TORONTO – Kids keen to try their hand at bowling can finesse their skills at throwing strikes as the weather warms up – and without having to leave home.
From cartoon-branded models to colourful inflatable pins, variations of the popular sport were among the games and activities highlighted at the Hot Toys of Summer event held on Wednesday.
The Canadian Toy Association featured more than 110 items to help keep idle kids busy during the upcoming season. Association chair Kerry George said about half of the toys on display at the annual event retail for under $25.
Parents may experience a little deja vu seeing some of the items geared toward youngsters which update games and activities that likely kept them entertained as kids.
George said one notable difference among some contemporary toys is the use of eco-friendly materials, like the PVC-free Green Toys Tractor crafted from recycled milk jugs.
“If you think about 20 years ago … you think about boys, and they love to play with their diggers and sandboxes. That’s still the case today,” she said in an interview.
“Boys still love to dig and play in the sand and the dirt … So there’s just new stuff that comes up where they can continue to do that.”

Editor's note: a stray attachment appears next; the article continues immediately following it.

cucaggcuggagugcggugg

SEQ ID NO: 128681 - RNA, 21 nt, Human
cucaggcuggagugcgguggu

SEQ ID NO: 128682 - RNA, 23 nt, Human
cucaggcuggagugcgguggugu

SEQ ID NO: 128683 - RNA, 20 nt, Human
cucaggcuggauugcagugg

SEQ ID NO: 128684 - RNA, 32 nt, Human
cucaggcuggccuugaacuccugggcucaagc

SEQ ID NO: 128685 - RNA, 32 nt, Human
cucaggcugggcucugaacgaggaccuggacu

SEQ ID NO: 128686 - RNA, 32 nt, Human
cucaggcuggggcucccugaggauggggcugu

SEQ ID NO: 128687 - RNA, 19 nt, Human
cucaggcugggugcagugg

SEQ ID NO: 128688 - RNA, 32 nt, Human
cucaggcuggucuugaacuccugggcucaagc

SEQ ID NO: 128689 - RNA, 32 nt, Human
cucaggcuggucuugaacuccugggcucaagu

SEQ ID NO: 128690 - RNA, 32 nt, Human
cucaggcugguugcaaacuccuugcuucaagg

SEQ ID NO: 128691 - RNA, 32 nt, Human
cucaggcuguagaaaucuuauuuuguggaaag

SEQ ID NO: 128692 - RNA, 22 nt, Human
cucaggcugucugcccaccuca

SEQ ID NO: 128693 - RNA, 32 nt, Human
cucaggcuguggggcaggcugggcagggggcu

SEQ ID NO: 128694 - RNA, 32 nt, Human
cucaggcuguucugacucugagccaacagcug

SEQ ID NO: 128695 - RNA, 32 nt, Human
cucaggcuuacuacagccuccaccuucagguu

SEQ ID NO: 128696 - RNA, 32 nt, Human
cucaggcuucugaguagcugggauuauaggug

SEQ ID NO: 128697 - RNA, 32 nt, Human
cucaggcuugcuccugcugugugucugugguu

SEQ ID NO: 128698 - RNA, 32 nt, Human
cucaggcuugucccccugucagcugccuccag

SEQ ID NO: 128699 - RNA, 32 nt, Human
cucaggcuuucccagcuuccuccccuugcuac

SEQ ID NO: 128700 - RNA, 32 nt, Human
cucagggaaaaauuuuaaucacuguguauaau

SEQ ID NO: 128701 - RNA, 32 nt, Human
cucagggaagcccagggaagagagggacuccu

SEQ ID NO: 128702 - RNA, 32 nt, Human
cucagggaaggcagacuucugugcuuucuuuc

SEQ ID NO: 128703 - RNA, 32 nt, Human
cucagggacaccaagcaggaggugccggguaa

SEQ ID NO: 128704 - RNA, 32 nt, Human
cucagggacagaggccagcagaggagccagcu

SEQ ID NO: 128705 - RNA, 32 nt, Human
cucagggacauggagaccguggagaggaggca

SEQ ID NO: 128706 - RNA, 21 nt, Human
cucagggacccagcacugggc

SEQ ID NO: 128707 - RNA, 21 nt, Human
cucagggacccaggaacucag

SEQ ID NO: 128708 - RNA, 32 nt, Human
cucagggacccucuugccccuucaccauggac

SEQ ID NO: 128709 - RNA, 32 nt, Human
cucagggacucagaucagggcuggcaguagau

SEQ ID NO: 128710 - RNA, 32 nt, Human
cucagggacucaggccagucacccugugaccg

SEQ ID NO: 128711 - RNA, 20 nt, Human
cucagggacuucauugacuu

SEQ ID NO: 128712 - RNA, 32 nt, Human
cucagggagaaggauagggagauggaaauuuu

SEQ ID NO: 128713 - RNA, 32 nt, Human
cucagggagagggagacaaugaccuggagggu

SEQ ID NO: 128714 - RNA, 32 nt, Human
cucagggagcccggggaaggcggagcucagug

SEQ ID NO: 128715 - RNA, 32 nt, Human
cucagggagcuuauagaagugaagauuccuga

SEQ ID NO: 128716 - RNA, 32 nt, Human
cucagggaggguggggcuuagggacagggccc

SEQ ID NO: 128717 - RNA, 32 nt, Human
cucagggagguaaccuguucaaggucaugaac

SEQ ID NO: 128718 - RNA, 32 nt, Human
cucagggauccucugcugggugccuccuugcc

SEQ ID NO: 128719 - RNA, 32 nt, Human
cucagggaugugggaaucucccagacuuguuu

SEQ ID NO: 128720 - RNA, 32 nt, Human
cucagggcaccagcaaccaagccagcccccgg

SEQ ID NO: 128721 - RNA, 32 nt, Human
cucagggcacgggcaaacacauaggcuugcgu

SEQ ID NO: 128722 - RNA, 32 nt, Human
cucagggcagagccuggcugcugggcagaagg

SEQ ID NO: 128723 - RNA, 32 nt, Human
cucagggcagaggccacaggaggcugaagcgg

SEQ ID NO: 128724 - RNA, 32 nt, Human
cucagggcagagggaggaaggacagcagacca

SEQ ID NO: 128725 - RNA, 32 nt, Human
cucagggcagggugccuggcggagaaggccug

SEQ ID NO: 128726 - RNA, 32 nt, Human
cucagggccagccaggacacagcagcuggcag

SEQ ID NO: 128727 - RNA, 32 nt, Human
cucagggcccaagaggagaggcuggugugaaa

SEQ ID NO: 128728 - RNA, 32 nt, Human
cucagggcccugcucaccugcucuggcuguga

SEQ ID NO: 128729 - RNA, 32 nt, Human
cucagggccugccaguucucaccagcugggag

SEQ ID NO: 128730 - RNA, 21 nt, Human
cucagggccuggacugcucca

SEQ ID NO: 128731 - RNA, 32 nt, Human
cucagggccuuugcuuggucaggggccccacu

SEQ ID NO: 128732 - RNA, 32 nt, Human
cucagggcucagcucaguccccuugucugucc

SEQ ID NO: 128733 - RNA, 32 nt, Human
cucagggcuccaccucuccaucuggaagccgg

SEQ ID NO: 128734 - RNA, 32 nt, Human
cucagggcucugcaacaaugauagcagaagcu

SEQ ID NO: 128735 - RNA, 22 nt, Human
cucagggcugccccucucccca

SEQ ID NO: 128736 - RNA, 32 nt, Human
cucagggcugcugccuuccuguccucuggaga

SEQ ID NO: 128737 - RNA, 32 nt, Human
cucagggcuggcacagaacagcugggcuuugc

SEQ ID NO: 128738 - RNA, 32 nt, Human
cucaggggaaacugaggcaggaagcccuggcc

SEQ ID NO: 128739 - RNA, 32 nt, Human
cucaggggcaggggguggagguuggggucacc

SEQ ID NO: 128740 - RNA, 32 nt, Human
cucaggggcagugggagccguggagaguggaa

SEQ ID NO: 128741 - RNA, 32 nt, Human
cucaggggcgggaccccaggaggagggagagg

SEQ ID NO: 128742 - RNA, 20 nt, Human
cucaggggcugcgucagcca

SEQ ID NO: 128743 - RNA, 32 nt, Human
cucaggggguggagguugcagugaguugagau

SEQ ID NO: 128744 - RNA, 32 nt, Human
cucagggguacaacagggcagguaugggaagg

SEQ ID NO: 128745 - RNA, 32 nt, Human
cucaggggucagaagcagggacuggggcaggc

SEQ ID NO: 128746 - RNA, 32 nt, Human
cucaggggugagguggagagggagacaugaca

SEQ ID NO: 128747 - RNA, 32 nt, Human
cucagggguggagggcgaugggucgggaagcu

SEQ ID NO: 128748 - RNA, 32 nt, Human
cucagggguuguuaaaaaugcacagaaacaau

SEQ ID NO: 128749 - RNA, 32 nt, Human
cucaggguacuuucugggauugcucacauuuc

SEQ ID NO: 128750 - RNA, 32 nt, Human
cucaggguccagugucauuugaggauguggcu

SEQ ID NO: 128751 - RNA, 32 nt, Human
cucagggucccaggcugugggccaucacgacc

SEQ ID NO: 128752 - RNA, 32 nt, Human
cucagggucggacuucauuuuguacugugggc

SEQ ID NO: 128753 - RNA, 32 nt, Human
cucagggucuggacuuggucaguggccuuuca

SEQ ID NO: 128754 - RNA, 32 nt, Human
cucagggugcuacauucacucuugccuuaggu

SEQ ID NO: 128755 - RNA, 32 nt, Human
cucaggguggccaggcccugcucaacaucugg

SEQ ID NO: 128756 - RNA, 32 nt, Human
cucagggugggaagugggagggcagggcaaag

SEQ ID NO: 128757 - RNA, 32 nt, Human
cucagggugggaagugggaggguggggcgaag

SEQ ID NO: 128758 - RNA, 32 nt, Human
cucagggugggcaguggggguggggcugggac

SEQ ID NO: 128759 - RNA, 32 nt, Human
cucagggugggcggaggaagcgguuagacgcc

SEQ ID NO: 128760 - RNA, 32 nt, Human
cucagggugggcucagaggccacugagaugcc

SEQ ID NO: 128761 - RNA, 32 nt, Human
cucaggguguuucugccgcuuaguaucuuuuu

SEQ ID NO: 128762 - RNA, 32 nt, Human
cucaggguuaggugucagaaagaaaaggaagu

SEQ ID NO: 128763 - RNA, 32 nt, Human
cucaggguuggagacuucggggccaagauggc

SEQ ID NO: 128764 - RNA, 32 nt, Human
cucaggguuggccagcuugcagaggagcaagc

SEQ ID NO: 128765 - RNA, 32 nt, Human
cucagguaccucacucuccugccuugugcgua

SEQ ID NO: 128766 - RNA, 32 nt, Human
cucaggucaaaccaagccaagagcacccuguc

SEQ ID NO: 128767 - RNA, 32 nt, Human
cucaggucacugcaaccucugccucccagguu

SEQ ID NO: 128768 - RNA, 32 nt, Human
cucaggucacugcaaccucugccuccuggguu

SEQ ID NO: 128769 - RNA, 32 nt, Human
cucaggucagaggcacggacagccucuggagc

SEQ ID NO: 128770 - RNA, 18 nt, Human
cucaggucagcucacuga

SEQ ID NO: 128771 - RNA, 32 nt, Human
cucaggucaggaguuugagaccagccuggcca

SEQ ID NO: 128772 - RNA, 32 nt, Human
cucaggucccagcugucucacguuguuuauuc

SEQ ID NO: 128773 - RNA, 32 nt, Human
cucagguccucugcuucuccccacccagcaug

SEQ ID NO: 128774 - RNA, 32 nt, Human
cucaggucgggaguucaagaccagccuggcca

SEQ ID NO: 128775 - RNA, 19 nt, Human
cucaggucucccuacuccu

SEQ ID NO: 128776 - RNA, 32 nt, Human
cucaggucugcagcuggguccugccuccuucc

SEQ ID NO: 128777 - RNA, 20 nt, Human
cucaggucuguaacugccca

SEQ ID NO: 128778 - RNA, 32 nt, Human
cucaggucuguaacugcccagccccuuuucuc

George said building blocks and construction toys remain strong with brands like Lego, Mega Bloks and Playmobil along with German-made Anker Stone Blocks crafted from natural materials, including chalk, colour pigments, linseed oil and quartz.
She said bubbles continue to be big with the younger crowd, from colourful solutions with the traditional built-in wand to machines cranking out the globules at the push of a button.
Reptiles seem to be reigning supreme among toys for the season, with George noting that dinosaur items in particular “seem to be hot.” In addition to models of TV’s “Dino Dan,” the reptiles are also going the transformer route with some toys showing the prehistoric creatures converting into vehicle form.
Fans of the animated series “Teenage Mutant Ninja Turtles” will see the crime-fighting reptiles as action figures, squishy collectible Mash’Ems and emblazoned on splat-catch paddles with accompanying villain splat balls.
For the more artistically inclined, sidewalk chalks in a multitude of hues – and even glittery varieties – will keep pavement Picassos occupied. George said there are also charms crafted from clay as well as bracelet-making kits, including braided wristbands and threaded friendship bracelets.
“There’s a lot of arts and crafts for the younger and the older girls,” said George.
“I used to make those (bracelets) in the ’70s myself. That kind of brings me back to my retro days.”
© 2013 The Canadian Press